How to Play Piano Worship Chords Like a Professional
What Makes Piano Worship Chords Special?
Piano worship chords aren't very much different from the chords found in other types of music - pop, jazz, country, etc. - but they do have a certain sound to them that's a bit difficult to explain. So, instead of talking too much about it, we're going to look at two different chord progressions that should help you to create some improvised background music or figure out some nice chords for your favorite worship music.
How Do I Play Background Piano Worship Music?
Let's say you need a quick couple of minutes of music during a service or ceremony, where something is happening quietly, or quiet blessings are taking place, and you either feel the need for some music, or you've been asked beforehand to fill in a little bit at certain times.
You should play the following chord progression in the same key as the next song, if that song will be happening right away. Let's say the next song will be in the key of C, or you just like to play in the key of C, since it's pretty simple (all white keys). Here's what to do:
- Play octaves on C notes with your left hand - the C below middle C and the C one more octave below that work well
- In your right hand, play C major in 2nd inversion (G - C - E), then F major in 1st inversion (A - C - F), then G major in 1st inversion (B - D - G), then back to the F major, then back to the C major
- Keep playing the C octaves in your left hand the entire time.
- You can also improvise a light background melody on the white keys if you like
The C "pedal point" in this progression helps keep the sound anchored and provides a strong, solid foundation for your listeners (whether they know it or not!). Of course, this can be played in any key as well.
What's Your Biggest Need For Piano Worship Music?
Sometimes we have all the music we need for religious services, but other times we need to a little extra worship music.
When Do You Most Often Need Fresh Ideas For Piano Worship Music?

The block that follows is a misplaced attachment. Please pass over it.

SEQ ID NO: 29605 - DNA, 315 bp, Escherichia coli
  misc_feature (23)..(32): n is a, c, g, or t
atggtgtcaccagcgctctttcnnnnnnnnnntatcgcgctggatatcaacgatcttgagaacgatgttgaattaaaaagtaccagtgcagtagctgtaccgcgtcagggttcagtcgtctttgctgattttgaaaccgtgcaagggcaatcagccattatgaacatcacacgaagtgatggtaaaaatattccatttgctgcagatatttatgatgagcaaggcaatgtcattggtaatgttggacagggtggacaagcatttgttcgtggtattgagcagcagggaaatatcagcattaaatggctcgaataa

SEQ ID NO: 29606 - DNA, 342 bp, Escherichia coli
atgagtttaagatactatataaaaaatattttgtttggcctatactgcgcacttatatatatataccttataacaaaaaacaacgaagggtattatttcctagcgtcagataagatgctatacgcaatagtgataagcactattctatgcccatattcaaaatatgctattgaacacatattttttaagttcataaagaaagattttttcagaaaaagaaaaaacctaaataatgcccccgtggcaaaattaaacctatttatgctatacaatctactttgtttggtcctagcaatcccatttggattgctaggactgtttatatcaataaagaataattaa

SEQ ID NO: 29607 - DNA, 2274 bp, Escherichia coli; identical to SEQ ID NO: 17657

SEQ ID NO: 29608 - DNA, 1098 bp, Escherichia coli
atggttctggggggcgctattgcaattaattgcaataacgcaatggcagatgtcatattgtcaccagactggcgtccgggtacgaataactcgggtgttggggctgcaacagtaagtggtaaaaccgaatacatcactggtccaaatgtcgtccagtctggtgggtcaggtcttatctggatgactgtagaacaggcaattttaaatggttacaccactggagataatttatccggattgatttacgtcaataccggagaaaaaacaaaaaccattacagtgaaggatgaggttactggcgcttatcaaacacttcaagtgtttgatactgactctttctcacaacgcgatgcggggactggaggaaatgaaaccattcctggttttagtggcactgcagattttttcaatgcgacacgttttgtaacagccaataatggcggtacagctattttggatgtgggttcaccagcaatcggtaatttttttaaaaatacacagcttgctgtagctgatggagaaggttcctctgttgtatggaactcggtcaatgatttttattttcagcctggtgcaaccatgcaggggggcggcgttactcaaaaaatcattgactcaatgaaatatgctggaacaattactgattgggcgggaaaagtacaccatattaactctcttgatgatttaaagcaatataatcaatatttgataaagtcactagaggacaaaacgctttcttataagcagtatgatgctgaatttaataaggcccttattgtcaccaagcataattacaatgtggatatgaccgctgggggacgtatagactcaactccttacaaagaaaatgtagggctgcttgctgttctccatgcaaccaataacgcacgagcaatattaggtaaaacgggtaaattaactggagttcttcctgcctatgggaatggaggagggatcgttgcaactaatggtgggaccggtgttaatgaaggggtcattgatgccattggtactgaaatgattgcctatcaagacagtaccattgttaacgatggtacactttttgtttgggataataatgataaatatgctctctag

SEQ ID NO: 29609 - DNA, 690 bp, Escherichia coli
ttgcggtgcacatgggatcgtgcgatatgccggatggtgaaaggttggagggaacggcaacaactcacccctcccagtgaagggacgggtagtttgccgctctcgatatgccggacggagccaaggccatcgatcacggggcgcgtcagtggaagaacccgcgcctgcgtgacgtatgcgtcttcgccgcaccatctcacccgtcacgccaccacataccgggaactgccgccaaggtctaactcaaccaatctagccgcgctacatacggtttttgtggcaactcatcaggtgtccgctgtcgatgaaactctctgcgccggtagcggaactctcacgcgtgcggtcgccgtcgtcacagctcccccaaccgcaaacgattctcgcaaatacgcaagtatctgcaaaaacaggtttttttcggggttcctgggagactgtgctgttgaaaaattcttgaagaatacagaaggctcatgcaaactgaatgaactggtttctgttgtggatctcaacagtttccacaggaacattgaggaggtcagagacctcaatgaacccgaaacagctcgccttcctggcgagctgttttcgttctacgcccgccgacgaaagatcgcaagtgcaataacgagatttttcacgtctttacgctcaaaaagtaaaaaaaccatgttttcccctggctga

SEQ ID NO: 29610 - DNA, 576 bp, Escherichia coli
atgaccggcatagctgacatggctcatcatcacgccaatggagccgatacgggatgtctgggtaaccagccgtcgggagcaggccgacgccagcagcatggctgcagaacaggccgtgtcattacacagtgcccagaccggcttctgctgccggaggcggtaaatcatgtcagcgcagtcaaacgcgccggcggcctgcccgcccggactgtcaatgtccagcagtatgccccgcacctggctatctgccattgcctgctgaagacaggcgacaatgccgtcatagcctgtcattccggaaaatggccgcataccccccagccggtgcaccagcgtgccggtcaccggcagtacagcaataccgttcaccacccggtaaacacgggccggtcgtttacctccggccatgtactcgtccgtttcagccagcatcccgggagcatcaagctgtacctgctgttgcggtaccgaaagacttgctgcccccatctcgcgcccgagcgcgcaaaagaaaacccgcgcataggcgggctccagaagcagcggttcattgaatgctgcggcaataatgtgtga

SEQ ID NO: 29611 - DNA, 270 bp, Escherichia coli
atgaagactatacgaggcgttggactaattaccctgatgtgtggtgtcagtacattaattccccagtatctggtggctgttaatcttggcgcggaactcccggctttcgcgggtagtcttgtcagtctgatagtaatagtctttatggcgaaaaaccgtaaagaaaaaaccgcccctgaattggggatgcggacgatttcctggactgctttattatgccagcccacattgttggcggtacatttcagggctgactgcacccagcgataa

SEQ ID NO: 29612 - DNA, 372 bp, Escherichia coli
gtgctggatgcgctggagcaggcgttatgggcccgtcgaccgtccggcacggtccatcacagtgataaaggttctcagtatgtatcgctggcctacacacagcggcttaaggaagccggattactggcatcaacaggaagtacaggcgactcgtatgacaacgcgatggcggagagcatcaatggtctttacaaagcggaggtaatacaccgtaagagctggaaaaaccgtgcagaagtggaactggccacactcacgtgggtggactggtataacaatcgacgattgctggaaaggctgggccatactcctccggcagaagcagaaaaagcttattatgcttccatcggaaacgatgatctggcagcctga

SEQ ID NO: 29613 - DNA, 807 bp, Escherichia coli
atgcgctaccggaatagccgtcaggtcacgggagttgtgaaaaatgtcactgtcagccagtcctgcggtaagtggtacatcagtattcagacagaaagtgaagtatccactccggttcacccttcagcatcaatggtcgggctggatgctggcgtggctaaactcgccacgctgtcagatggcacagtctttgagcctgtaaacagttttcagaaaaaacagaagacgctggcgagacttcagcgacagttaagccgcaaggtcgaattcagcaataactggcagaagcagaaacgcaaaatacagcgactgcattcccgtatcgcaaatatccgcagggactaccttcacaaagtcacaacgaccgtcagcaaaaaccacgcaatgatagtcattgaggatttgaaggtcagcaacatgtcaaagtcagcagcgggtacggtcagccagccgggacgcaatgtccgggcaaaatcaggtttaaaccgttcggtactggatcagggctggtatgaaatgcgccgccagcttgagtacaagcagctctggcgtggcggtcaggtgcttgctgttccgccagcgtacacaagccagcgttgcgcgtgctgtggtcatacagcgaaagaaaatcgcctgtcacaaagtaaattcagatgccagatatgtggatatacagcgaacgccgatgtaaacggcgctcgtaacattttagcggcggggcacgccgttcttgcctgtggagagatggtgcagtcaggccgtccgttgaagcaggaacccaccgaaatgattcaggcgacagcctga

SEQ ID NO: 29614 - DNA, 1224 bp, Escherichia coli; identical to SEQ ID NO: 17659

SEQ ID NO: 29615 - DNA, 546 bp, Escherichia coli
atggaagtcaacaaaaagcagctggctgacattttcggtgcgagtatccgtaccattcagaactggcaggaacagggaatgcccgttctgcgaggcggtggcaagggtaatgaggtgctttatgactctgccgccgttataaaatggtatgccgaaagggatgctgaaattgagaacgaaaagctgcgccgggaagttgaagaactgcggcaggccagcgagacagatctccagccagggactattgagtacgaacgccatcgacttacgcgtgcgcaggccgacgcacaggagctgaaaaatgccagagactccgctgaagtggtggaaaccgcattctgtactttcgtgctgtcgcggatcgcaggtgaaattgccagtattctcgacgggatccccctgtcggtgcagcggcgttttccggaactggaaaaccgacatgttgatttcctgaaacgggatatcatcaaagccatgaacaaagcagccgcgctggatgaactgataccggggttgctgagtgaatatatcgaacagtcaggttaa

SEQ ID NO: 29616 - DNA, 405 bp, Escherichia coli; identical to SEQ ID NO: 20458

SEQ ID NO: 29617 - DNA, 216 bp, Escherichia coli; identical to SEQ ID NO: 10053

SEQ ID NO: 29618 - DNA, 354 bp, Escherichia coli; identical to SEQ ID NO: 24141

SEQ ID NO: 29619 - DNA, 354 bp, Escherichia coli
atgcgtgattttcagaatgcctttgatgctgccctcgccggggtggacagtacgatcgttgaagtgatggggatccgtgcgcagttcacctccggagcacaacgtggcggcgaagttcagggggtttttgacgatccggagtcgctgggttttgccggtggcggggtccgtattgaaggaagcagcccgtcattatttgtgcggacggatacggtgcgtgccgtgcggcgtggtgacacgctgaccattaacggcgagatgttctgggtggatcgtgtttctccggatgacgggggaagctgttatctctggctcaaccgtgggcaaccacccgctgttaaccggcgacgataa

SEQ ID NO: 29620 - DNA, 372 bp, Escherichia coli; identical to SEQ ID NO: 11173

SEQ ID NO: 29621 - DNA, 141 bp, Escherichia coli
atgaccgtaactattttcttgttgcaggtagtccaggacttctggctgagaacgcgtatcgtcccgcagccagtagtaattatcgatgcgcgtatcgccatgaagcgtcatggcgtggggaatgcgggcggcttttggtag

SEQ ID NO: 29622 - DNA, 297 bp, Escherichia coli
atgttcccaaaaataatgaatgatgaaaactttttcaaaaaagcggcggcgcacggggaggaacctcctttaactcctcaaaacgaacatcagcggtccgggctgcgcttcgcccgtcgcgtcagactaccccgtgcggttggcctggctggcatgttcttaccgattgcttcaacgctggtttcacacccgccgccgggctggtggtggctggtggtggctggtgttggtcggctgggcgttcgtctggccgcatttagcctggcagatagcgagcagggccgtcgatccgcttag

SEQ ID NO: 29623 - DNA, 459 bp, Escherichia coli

What Piano Chords Make That "Gospel" Sound?
The next chord progression might be a little too much movement for background music, but that's really up to you do decide. The chords could be used for a new hymn you write, or just to improvise.
It's hard to explain, but they just have the gospel feel to them. We'll just list the chords in order, and you can play them in whatever tempo and time signature you like - 3/4, 4/4, etc. The left hand should play the chord root in octaves, unless otherwise noted. Here they are:
C (G - C - E)
C7 (G - Bb - C - E) - with E in the left hand bass
F (A - C - F)
Fm (Ab - C - F)
Am (A - C - E)
D7 (F# - A - C - D) - with F# in the left hand bass
G7 (F - G - B - D)
C7/E - C7 with E in left hand bass
Be sure to keep the chord notes as close to each other as possible, when moving from one chord to the next. This makes for nice voice leading and a more pleasing sound overall.
The main characteristics of this second progression are the movement from major to 7th (C to C7), from major to minor (F to Fm), and using 7ths to move back to the original key (D7 - G7 - C).
How To Learn Piano Worship Chords Quickly and Easily
- Professional Piano Chords for Everyday Pianists
Teaches you how to play smooth, beautiful, professional piano chords quickly and easily - without having to read complicated sheet music.
Find Some Ideas On Your Own
Using these two examples as a starting point, come up with some of your own ideas for playing piano worship chords. Look at the chords in some of the hymn books. What chord progressions sound good to you? Copy those progressions!
Practice in your sacred space when no one else is around, to get in the right mood.